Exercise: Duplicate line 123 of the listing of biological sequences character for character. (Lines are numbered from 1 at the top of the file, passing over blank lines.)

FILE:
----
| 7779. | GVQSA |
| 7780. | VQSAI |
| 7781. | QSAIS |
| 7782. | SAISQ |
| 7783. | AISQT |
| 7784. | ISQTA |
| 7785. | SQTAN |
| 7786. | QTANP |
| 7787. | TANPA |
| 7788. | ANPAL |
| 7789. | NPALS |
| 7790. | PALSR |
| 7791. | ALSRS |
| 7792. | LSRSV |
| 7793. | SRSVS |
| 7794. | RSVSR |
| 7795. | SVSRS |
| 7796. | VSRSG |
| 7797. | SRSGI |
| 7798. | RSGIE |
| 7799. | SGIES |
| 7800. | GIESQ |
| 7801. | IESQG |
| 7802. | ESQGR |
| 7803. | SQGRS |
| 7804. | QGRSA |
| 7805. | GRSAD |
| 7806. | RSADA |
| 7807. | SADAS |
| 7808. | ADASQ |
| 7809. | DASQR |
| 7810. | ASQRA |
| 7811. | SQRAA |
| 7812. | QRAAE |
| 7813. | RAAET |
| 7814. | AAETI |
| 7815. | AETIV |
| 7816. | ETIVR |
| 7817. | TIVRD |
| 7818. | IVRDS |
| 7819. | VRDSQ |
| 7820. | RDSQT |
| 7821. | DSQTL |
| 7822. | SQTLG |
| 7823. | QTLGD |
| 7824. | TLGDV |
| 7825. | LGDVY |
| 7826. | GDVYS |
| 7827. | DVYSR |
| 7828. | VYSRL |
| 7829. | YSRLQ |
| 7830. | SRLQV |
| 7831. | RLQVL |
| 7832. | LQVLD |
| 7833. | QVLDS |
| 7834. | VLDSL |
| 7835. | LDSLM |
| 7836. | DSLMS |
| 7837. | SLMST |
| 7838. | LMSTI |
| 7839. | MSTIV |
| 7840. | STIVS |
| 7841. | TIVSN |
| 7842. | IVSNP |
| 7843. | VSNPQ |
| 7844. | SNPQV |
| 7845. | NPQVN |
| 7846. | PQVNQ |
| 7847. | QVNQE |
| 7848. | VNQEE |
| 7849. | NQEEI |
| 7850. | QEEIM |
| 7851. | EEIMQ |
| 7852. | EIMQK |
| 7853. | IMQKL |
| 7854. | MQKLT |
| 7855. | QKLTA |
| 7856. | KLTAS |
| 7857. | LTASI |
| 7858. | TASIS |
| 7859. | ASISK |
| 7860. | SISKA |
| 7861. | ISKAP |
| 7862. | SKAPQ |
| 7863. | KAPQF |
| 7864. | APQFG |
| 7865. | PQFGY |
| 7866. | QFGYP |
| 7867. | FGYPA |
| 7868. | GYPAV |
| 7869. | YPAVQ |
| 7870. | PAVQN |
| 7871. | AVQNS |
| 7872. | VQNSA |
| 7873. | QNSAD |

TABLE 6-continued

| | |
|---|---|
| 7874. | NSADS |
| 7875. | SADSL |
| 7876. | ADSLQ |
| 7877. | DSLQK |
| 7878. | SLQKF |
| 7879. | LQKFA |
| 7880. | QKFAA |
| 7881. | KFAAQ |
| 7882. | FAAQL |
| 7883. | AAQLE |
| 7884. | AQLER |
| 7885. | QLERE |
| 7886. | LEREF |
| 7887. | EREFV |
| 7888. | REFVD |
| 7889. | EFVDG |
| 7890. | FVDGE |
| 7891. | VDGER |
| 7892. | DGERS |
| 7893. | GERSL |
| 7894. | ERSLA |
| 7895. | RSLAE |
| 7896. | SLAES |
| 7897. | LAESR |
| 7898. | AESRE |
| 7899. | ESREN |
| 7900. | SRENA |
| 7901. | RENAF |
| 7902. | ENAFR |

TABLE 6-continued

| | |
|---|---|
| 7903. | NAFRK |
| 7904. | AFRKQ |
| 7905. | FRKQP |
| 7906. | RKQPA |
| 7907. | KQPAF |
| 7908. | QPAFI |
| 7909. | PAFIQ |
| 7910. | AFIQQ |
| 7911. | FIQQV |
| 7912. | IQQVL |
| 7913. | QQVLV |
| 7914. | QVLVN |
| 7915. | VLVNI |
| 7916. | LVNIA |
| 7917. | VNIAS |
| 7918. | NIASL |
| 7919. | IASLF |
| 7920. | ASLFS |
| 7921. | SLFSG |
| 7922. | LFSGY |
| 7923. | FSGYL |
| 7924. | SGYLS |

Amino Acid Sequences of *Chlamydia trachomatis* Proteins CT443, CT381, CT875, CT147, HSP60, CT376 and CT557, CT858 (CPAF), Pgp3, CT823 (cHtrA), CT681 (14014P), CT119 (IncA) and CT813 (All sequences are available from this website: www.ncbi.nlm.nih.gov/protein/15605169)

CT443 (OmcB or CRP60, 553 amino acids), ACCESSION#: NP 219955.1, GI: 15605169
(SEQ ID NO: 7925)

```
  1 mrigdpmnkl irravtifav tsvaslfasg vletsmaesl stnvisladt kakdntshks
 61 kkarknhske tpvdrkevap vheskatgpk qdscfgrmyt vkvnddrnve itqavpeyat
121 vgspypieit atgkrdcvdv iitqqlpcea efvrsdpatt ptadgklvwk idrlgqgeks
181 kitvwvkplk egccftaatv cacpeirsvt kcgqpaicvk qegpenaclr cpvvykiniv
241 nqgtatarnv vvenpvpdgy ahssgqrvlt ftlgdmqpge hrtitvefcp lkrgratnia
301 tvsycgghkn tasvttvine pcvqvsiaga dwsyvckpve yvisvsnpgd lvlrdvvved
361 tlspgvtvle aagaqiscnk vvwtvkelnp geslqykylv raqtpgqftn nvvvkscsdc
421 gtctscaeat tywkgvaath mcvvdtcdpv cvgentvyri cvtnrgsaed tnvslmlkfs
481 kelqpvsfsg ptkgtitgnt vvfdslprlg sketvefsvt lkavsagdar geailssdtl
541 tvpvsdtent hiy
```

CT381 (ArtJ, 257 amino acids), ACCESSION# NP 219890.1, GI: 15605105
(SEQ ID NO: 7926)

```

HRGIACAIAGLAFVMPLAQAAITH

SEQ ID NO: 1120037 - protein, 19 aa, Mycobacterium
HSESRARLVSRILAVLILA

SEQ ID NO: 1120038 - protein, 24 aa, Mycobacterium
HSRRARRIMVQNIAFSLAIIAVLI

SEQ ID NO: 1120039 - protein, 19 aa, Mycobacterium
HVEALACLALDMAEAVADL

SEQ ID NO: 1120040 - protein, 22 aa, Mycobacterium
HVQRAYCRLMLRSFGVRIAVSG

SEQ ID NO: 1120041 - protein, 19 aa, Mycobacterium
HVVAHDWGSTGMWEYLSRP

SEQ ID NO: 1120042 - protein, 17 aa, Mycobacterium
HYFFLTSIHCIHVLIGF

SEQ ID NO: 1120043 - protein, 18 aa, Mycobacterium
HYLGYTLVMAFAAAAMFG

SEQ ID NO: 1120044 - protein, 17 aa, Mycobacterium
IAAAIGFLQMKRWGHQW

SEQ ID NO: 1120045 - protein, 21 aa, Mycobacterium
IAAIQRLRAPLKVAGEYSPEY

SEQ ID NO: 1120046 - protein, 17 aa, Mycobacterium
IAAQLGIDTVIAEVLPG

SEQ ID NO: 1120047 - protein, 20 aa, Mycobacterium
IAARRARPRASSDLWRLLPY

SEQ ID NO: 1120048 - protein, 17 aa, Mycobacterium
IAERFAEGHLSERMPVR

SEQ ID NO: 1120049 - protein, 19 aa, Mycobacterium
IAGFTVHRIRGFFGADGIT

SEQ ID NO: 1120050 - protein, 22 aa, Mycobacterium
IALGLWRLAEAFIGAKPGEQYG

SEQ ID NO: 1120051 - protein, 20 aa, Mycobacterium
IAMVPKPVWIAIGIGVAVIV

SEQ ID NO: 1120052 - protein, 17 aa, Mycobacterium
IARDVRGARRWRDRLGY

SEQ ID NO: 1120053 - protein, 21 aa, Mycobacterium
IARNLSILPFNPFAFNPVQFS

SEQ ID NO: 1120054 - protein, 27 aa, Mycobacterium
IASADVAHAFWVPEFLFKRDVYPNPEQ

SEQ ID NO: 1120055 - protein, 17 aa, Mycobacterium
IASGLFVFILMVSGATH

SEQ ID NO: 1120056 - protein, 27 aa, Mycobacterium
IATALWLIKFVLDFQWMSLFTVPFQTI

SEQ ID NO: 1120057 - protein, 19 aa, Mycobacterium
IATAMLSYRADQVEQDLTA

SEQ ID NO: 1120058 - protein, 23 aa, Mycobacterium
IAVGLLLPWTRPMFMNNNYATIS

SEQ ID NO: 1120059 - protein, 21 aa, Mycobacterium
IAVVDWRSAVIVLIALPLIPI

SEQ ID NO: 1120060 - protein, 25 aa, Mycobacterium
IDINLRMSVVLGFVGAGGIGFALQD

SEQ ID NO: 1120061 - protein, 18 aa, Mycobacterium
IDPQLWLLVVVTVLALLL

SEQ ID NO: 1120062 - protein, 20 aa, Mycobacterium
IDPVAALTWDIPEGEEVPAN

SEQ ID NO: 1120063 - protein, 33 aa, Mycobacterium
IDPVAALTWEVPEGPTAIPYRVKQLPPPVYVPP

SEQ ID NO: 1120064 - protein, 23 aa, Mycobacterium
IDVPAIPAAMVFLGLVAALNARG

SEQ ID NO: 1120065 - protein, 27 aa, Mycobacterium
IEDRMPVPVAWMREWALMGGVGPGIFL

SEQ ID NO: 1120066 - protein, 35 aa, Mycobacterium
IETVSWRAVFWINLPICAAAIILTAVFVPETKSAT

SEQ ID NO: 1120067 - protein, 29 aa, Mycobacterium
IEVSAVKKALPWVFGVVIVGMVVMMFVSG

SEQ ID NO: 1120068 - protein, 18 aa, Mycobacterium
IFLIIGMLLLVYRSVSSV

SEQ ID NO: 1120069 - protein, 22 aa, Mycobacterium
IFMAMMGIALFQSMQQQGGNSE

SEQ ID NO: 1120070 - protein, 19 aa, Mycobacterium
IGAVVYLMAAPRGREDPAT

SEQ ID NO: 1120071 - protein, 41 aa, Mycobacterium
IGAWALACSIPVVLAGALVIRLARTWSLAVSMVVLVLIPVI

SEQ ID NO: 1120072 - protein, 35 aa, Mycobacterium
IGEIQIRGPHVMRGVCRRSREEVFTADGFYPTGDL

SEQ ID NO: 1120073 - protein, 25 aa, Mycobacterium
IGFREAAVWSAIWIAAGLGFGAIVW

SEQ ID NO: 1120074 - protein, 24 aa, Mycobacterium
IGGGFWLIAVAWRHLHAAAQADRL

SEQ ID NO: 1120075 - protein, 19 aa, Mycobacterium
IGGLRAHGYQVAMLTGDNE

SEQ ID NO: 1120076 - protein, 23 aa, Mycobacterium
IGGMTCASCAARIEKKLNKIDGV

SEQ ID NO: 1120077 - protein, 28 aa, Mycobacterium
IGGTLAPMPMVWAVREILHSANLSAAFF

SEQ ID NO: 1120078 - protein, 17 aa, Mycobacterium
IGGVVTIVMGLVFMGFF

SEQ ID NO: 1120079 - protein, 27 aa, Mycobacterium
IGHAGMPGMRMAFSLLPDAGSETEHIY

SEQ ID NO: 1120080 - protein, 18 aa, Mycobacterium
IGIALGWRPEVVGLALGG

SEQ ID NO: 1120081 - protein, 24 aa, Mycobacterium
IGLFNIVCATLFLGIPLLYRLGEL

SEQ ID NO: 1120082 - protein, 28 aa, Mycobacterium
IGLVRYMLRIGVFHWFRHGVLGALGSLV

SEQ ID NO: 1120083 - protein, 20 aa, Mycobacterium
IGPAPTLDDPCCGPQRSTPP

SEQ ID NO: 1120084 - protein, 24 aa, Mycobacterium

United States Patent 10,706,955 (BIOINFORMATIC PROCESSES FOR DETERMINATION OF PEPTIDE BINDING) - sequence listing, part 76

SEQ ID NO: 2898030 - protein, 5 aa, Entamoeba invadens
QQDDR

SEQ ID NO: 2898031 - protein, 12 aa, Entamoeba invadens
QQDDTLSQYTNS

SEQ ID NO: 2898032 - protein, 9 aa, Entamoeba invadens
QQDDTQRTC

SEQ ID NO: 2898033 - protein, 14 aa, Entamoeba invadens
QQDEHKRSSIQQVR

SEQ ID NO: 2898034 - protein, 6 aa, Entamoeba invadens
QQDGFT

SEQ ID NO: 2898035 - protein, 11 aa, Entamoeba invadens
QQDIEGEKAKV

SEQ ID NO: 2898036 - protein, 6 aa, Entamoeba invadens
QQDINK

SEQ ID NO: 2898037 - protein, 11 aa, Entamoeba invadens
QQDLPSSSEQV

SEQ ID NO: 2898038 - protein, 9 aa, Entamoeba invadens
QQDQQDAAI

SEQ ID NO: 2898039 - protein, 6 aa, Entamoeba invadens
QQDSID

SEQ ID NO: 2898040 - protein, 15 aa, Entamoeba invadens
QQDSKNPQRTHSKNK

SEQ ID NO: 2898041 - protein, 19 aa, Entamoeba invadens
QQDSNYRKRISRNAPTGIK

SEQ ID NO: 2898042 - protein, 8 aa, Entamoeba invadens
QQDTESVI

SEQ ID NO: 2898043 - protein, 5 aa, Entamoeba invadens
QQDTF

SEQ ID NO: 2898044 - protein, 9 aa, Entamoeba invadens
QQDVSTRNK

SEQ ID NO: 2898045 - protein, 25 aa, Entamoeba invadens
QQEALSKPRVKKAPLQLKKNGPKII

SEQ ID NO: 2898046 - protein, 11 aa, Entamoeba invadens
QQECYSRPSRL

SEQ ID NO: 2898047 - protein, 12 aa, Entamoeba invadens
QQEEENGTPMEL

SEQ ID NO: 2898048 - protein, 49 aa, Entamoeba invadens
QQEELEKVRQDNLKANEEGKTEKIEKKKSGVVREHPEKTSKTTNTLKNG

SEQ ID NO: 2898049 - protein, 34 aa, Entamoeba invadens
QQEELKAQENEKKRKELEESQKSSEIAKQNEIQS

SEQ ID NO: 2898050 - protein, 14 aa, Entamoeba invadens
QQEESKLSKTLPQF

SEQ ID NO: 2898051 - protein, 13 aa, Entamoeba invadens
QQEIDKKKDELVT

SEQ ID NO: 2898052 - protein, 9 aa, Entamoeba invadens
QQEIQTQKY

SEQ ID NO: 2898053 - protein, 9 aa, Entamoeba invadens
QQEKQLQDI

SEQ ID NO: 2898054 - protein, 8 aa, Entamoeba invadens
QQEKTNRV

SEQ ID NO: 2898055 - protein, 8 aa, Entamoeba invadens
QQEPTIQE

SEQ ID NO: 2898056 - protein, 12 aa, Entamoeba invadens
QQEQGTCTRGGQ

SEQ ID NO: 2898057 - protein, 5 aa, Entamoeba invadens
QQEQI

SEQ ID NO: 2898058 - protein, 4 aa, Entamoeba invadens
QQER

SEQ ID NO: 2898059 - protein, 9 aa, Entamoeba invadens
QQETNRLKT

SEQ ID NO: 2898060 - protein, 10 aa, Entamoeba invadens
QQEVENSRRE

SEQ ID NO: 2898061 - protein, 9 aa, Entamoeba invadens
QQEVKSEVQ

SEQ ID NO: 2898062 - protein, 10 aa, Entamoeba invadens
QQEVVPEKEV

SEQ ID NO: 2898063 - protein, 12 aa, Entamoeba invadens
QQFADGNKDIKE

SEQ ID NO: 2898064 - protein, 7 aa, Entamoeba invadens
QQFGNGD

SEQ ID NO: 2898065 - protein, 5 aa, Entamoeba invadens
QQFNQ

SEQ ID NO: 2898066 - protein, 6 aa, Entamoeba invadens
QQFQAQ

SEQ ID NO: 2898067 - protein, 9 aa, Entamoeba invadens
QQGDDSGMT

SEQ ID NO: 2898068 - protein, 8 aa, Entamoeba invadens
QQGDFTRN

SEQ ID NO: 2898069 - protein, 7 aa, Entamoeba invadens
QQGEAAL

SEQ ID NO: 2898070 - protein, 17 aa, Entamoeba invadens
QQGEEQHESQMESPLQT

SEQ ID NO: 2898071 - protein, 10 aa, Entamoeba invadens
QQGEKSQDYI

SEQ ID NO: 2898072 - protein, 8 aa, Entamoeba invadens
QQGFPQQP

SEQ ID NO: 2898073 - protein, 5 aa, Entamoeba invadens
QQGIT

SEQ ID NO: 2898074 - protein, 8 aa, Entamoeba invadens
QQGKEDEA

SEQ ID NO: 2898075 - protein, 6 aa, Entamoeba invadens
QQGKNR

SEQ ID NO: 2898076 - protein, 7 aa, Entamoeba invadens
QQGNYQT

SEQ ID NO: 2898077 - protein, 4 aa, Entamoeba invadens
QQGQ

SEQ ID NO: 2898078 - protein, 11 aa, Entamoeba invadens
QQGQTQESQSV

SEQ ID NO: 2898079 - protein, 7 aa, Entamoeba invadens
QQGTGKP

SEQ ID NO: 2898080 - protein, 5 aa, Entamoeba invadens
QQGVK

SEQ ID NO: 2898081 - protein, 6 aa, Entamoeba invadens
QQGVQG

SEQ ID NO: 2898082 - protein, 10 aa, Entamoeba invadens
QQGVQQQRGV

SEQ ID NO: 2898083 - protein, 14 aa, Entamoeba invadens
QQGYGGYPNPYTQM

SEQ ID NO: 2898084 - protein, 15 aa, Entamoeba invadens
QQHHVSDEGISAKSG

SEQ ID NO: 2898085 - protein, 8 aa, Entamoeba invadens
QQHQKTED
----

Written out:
| 7898. | AESRE |